Should we hunt whales?

Whaling makes no economic sense


Don’t get me wrong, I’m all for shooting whales. Get a bunch of tourists, put them on boat, send it out to the North Pacific and let them fire off some rounds for an hour or two. Of course the ammunition used would be Kodak and Fuji stock, but it’s a lot more humane than blowing them up. And it doesn’t make the water go all red.

With the exception of some Japanese and Scandinavian fisherman, a few Japanese scientists and the Japanese government, in the minds of most people — whale hunting ranks up there with clubbing baby seals as, well, kind of nasty.

But forget the graphic images, emotion and PC rhetoric of the anti-whale lobby There is another reason why we shouldn’t be hunting Willy. Simple economics.

Whales are more valuable alive than they are dead. Despite whaling industry claims, today there is little demand for the bone, blubber, meat, and oil that whales once supplied. At the same time, however, the demand for and profitability of whale watching has increased.

Research by scientist and author Erich Hoyt in 1995 on behalf of the International Fund for Animal Welfare found considerable growth in the international whale watching industry. In Japan alone the figure soared from 55,000 whale watchers in 1994 to more than 100,000 in 1998.

He says: “There has been steady growth in whale watching in Japan and Norway, and the figures show that it is increasingly economically important to communities in both countries.”

As of 1998 the total value of whale watching in Japan was estimated to be more than $32.4 million, That’s a lot of people taking photos and spending money on crappy whale tea towels and calendars.

Nearly 30 Japanese coastal communities, from Hokkaido to Okinawa, are involved in the business and most of those coming to “Oooh” and “Ahhh” are Japanese.

“It is ironic that Japan and Norway, who defy the international ban on whaling by using loopholes in the legislation, are now finding that whales might be worth more alive than dead,” says Karen Steuer, Director of Commercial Exploitation and Trade at the International Fund for Animal Welfare.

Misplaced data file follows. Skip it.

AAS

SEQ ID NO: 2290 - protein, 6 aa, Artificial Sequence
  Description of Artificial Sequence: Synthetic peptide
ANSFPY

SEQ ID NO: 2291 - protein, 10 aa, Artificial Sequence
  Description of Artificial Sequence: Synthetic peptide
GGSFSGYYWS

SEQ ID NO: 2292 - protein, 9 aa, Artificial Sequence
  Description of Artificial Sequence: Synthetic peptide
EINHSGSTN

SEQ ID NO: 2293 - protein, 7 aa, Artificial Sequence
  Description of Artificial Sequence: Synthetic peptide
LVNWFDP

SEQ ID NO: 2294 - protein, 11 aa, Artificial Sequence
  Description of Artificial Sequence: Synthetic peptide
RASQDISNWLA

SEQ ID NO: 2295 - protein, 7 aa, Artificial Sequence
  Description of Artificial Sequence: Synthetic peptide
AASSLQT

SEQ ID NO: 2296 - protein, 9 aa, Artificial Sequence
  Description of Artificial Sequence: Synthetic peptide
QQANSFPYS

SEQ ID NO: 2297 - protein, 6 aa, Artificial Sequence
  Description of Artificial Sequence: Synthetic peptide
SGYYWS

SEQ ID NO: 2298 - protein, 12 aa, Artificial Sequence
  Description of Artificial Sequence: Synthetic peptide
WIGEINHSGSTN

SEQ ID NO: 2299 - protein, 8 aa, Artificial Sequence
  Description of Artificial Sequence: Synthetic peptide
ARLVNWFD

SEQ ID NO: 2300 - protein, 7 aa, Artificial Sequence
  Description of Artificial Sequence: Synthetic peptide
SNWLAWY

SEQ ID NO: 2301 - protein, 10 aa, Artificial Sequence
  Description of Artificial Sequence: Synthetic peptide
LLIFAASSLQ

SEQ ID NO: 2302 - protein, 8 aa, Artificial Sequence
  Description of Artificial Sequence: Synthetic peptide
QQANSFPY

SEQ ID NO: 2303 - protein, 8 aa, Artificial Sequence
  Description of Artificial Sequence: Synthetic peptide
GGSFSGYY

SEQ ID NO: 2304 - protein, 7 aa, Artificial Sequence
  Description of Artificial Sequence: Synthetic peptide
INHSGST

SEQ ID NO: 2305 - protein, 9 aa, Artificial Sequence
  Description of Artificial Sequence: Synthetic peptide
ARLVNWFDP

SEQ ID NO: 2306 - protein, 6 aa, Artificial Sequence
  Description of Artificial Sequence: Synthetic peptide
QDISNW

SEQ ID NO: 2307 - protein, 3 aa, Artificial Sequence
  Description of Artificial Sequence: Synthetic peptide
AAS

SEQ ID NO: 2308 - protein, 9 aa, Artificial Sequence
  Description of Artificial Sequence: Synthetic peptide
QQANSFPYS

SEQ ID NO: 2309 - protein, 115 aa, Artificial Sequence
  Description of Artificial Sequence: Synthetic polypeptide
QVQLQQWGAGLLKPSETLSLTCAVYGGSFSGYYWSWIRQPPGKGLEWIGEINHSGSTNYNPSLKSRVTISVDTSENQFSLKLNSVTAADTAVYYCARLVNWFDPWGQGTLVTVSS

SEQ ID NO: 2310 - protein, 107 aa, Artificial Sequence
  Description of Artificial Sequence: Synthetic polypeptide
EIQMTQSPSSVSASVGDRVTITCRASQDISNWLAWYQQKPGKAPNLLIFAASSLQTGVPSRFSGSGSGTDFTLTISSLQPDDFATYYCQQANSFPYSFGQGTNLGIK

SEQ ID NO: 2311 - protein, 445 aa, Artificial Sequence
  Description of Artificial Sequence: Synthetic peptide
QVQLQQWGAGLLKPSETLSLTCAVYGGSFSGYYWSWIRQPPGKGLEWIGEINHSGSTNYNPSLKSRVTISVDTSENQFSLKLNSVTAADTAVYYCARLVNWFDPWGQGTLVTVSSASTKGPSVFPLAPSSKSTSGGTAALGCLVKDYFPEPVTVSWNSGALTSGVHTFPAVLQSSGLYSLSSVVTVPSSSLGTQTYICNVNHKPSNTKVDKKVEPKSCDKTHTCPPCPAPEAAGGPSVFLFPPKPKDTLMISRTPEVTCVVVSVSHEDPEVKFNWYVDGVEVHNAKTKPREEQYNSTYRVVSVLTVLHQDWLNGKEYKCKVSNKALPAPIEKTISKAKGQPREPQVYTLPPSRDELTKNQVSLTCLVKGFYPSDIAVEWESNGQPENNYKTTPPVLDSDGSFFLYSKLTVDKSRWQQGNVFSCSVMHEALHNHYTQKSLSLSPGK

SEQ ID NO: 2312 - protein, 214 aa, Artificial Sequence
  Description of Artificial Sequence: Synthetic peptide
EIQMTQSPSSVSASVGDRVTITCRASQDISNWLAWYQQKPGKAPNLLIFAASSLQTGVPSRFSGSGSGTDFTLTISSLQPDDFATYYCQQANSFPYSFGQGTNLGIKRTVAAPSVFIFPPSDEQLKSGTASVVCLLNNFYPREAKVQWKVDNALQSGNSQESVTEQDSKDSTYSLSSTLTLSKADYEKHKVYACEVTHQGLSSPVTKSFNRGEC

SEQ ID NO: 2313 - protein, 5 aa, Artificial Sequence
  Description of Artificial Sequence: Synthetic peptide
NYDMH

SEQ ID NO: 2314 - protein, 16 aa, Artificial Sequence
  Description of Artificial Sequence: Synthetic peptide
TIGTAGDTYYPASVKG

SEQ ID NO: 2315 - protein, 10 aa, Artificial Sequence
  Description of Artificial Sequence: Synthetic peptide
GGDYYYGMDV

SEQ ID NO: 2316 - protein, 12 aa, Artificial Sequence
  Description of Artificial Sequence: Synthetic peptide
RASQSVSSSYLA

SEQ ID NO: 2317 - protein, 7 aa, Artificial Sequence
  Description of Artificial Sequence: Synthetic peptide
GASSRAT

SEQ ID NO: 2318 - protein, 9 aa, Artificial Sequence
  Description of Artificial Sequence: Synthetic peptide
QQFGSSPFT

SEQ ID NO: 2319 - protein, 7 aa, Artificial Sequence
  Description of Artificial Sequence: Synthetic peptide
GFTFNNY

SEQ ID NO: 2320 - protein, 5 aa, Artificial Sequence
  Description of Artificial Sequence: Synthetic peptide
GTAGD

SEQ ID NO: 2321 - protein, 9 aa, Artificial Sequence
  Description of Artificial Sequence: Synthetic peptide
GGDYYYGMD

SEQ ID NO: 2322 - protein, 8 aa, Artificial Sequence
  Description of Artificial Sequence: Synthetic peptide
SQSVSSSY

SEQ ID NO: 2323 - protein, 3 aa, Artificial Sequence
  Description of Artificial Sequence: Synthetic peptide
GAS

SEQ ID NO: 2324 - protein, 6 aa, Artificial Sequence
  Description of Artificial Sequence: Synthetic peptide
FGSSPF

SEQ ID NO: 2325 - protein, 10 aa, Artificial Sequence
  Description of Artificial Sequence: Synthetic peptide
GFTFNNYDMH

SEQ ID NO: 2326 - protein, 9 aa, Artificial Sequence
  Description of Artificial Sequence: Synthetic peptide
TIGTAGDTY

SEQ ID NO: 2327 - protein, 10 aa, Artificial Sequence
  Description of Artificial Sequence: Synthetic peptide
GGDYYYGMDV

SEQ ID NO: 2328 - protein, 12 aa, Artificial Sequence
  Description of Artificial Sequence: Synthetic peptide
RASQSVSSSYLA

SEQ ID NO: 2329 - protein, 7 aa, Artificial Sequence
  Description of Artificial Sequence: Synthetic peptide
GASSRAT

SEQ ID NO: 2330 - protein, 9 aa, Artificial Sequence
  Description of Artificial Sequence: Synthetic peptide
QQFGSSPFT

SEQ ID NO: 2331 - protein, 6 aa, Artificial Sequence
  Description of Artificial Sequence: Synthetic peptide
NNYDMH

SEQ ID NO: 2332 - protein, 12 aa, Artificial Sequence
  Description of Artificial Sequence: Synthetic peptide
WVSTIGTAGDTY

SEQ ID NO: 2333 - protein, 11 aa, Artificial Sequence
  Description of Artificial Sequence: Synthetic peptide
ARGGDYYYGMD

The benefits of eco-tourism activities such as whale watching are spread over a larger portion of the population than whale hunting; in addition to whale-watching operations, those operating stores, hotels and restaurants can enjoy increased employment and revenue opportunities. The Japanese whaling industry employs only a few hundred people.

So why does Tokyo continue to push a defiantly pro-whaling stance that brings it international condemnation and conflicts with its more cooperative and progressive position on other environmental matters?

Arrogance? Perhaps. It continues to avoid the 1986 International Whaling Commission (IWC) worldwide moratorium on whaling by hunting whales in both the Antarctic and the North Pacific, claiming that these whales must be killed to answer critical management questions.

But what of the repeated claims that there just isn’t enough whale meat available down at your local sushi joint?

Frank Cipriano, a professor at San Francisco State University, reported in June 2003 that a DNA analysis of Japanese pet foods purchased by the Environmental Investigation Agency from supermarkets in Shizuoka and Otsuchi, near Tokyo, found the dog chow mixed with Antarctic minke whale and dolphin meat.

That find would seem to undermine Tokyo’s claim that it needs more whale meat — unless it’s for its chihuahuas.

Japanese authorities often claim that the anti-whaling movement (the West) is trying to destroy a Japanese tradition that stretches back unbroken over millennia.

But while they would have us believe that whaling is as Japanese as sumo, baseball and getting inebriated at Friday night work drinks, it seems the public is rather indifferent on the subject.

Only 11 percent of people surveyed in 2000 said that they supported Japanese whaling; nearly two-thirds had not eaten whale meat since childhood; and over half opposed whaling or said that they had no view either way.

Subsequent polls in 2001 vindicate these findings. While some might try to convince us that the people of Japan are united in their desire to eat whales, it’s more a case of “Whaling? Whatever.”